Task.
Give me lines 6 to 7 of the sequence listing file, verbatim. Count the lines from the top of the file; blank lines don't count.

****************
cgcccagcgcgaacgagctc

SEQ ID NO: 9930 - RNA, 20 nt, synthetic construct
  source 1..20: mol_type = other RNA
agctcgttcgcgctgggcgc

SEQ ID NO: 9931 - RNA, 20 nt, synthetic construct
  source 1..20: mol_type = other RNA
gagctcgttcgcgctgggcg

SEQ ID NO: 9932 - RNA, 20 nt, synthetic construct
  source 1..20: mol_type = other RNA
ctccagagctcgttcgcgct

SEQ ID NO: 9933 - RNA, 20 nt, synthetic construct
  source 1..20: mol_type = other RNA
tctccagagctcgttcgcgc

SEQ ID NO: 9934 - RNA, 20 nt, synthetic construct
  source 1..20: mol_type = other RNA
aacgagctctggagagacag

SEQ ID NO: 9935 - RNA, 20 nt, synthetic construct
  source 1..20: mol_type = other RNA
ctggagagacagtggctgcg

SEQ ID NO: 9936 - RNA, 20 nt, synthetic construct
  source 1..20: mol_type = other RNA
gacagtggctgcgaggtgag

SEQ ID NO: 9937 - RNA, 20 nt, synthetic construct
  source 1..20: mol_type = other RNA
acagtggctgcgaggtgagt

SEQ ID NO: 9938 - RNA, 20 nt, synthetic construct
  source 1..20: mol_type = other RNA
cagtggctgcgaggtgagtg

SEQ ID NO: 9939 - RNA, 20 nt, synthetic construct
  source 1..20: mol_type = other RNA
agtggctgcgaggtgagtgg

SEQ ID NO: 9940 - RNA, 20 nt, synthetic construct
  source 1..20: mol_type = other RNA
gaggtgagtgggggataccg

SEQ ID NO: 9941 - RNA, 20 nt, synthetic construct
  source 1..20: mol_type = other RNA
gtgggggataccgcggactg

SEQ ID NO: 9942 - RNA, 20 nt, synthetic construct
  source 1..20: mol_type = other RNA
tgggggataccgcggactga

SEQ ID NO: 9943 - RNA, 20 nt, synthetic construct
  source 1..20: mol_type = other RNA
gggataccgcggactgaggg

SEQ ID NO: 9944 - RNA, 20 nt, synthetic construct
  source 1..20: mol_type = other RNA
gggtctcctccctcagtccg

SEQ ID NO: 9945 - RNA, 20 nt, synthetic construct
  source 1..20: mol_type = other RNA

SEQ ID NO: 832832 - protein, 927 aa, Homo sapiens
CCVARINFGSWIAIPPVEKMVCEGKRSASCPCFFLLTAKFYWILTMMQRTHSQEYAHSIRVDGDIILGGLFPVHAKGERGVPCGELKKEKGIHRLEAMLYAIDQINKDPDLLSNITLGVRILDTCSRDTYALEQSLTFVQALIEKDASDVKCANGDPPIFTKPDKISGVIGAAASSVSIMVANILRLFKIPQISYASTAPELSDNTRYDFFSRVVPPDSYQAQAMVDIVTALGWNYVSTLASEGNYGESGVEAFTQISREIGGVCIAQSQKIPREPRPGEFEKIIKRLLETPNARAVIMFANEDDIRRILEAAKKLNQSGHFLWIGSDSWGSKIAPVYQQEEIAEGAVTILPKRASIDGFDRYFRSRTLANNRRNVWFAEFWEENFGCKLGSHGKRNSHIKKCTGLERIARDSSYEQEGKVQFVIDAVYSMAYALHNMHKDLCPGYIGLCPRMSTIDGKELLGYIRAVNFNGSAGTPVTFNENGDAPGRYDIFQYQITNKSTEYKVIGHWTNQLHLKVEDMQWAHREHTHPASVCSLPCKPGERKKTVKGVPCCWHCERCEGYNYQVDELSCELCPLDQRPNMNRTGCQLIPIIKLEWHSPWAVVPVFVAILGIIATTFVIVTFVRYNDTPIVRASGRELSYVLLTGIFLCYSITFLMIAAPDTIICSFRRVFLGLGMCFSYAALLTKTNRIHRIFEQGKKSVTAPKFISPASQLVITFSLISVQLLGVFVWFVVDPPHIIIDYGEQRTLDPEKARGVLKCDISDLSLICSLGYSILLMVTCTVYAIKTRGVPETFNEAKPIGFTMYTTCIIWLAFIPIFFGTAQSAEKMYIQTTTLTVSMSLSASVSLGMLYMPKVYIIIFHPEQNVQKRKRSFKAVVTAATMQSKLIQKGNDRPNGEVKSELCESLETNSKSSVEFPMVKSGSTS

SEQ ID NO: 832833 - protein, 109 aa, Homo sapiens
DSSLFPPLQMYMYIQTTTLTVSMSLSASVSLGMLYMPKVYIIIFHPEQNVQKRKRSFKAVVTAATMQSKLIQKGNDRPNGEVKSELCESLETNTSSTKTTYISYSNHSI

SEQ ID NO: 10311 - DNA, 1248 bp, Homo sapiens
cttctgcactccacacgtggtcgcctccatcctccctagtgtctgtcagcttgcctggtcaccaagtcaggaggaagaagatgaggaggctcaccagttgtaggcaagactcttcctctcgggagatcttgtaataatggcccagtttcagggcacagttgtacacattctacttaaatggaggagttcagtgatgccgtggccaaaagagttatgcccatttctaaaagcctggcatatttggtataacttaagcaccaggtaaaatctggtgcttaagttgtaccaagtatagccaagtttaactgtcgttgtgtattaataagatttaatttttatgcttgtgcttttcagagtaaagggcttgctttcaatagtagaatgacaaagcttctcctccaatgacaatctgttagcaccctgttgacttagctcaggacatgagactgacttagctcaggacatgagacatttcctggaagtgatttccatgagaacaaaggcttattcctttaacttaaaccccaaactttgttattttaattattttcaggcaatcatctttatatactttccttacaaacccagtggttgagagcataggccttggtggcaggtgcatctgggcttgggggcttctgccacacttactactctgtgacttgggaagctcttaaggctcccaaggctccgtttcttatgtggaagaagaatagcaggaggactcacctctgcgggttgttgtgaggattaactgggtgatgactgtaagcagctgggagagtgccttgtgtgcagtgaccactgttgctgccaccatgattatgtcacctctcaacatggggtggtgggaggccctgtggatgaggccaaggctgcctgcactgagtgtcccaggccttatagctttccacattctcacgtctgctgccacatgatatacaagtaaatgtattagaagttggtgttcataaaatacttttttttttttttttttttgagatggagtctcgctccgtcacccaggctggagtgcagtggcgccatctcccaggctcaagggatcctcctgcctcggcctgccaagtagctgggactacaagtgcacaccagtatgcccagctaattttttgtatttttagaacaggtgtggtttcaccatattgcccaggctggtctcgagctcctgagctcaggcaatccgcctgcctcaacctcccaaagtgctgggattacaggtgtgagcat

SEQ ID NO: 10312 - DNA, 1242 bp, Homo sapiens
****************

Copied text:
  source 1..20: mol_type = other RNA
gagctcgttcgcgctgggcg